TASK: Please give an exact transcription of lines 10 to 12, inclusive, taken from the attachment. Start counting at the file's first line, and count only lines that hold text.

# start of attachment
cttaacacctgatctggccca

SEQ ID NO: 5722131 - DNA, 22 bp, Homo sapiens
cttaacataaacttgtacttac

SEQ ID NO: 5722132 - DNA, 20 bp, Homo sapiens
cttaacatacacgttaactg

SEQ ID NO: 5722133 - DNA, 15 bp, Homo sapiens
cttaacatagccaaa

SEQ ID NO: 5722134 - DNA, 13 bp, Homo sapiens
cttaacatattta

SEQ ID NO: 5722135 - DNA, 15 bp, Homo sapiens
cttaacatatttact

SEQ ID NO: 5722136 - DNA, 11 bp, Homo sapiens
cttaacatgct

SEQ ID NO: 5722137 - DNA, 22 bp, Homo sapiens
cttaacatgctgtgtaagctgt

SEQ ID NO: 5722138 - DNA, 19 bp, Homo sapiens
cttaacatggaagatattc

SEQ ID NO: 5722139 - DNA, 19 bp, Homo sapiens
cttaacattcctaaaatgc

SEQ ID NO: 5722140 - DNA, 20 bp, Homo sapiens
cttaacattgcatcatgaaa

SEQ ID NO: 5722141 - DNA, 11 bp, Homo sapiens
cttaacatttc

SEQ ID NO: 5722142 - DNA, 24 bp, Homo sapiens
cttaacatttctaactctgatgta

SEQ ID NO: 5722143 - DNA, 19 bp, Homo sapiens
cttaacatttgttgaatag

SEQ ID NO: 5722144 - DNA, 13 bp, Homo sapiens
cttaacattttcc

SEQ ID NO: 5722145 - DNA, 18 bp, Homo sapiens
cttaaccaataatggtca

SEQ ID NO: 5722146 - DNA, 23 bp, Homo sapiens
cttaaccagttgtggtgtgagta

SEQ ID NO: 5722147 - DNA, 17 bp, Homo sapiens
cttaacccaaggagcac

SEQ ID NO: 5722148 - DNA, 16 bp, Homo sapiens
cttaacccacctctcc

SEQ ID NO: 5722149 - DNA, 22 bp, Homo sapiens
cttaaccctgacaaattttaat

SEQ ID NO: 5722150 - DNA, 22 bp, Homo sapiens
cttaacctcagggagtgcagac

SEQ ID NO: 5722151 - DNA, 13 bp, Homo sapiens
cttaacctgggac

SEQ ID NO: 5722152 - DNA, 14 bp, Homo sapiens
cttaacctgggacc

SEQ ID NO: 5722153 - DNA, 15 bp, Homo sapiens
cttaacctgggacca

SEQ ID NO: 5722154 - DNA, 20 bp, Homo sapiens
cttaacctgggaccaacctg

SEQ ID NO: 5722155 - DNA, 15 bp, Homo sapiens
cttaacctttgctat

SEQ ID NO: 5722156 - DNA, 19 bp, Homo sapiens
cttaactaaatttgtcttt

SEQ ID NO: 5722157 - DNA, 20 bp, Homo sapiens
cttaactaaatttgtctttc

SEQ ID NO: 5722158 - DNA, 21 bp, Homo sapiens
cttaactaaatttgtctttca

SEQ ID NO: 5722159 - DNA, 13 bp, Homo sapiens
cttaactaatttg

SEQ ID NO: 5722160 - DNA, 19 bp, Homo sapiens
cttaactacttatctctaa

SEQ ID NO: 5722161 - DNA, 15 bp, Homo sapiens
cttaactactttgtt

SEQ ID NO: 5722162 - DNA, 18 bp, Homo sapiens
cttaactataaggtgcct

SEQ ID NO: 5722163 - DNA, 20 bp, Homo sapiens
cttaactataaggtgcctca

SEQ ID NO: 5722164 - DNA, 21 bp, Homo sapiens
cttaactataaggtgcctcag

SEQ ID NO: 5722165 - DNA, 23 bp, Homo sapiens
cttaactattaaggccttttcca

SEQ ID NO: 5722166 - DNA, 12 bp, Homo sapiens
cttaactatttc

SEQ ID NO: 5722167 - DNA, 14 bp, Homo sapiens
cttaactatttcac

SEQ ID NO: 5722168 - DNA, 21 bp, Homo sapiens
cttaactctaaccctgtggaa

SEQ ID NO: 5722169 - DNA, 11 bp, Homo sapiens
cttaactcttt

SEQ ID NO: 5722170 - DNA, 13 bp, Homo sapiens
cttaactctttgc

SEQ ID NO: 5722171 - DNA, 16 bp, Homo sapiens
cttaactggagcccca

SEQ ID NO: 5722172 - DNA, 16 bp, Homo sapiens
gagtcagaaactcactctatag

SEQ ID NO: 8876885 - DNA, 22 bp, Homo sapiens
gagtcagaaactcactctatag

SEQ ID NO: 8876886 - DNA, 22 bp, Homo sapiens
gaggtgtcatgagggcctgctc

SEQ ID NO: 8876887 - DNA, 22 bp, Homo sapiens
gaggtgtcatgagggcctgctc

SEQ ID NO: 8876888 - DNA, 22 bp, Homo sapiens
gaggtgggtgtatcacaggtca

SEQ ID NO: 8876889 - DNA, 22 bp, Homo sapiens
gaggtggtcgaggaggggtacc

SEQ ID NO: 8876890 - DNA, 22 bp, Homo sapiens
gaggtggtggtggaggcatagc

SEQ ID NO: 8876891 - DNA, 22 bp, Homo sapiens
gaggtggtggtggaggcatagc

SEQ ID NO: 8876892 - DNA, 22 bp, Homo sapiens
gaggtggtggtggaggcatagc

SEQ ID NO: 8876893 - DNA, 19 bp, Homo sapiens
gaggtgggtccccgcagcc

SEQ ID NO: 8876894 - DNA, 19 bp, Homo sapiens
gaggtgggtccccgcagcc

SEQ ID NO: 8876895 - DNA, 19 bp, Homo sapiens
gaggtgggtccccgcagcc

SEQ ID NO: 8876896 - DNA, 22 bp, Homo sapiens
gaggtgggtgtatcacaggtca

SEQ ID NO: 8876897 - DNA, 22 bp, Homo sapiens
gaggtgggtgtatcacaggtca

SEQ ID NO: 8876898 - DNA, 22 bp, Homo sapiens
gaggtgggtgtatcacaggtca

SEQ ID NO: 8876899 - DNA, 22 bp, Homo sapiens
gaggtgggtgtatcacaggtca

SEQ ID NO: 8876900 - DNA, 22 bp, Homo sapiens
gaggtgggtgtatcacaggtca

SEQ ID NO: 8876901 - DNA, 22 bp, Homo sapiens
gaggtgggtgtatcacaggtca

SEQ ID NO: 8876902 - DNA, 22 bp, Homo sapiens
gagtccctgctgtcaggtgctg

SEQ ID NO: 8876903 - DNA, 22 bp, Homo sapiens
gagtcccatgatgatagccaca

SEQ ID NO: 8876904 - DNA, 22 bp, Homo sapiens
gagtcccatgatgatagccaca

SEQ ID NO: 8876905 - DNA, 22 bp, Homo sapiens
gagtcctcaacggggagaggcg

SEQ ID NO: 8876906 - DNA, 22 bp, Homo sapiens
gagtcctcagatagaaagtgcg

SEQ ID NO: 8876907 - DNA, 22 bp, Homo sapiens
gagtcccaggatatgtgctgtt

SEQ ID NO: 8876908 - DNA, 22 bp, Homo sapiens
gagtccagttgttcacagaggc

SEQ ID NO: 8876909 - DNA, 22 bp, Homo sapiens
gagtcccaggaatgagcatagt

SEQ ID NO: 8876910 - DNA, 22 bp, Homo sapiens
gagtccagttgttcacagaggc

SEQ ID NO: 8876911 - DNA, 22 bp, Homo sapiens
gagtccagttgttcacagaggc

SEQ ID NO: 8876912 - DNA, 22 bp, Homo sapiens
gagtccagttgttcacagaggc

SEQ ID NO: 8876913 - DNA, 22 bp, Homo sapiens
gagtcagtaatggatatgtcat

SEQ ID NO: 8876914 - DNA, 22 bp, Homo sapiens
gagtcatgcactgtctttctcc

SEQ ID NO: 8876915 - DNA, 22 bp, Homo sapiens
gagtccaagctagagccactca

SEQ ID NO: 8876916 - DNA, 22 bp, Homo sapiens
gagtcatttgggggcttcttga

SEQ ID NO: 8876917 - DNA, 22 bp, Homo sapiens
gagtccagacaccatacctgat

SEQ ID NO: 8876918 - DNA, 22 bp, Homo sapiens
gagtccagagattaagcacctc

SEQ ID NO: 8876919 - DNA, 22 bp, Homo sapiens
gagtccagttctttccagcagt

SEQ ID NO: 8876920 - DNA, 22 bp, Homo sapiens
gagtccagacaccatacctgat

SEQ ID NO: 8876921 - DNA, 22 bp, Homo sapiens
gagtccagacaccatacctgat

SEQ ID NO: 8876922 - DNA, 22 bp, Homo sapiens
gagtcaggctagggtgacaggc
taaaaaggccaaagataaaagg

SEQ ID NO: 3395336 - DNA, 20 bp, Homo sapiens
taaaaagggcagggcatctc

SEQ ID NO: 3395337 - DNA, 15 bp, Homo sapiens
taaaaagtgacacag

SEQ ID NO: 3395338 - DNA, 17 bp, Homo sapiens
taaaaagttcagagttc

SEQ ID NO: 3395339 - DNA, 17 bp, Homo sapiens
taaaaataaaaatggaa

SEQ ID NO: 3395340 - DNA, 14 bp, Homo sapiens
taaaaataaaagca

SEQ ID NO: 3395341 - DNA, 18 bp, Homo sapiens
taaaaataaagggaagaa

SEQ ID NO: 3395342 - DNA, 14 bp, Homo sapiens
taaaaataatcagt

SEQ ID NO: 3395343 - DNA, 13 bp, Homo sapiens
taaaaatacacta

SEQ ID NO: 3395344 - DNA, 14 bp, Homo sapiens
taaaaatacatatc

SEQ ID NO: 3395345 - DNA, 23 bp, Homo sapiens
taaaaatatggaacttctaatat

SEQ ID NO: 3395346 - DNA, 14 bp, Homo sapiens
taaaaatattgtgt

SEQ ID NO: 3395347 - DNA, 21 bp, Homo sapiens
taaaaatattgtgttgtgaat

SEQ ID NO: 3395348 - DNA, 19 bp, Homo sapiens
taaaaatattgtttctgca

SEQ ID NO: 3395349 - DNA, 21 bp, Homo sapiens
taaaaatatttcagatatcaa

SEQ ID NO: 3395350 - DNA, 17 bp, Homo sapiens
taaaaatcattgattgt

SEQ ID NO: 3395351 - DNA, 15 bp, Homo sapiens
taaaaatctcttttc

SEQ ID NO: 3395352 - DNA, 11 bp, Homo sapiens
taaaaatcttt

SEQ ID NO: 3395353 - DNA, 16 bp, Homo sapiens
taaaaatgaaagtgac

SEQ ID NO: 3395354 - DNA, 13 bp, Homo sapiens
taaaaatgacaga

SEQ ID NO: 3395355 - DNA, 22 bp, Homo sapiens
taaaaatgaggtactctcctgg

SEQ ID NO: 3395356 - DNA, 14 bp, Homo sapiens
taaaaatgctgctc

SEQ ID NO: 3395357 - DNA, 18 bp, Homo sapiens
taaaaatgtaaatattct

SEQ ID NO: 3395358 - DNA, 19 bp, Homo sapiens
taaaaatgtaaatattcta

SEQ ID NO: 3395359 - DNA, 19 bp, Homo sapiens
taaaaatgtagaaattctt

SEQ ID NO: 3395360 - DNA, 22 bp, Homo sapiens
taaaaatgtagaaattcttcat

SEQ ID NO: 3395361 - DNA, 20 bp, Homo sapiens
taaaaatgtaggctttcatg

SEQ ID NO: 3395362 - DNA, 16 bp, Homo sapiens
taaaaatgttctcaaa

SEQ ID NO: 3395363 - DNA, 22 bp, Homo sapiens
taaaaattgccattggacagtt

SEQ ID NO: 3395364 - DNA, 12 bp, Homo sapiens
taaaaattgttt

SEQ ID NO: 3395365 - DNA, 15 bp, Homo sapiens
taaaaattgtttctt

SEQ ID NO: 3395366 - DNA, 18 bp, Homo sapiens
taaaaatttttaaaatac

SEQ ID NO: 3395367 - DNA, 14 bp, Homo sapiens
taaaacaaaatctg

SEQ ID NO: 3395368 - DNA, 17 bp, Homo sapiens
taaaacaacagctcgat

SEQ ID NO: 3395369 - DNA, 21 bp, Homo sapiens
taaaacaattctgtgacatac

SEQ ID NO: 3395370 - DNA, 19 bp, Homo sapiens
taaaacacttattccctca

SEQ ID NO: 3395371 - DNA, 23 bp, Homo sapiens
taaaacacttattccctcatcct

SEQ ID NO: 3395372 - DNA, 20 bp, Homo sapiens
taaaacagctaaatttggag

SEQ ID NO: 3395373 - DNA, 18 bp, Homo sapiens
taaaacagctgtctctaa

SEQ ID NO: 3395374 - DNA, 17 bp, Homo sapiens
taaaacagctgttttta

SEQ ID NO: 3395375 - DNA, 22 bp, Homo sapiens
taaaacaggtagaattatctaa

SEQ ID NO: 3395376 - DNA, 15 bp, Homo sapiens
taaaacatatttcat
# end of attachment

SEQ ID NO: 5722135 - DNA, 15 bp, Homo sapiens
cttaacatatttact

SEQ ID NO: 5722136 - DNA, 11 bp, Homo sapiens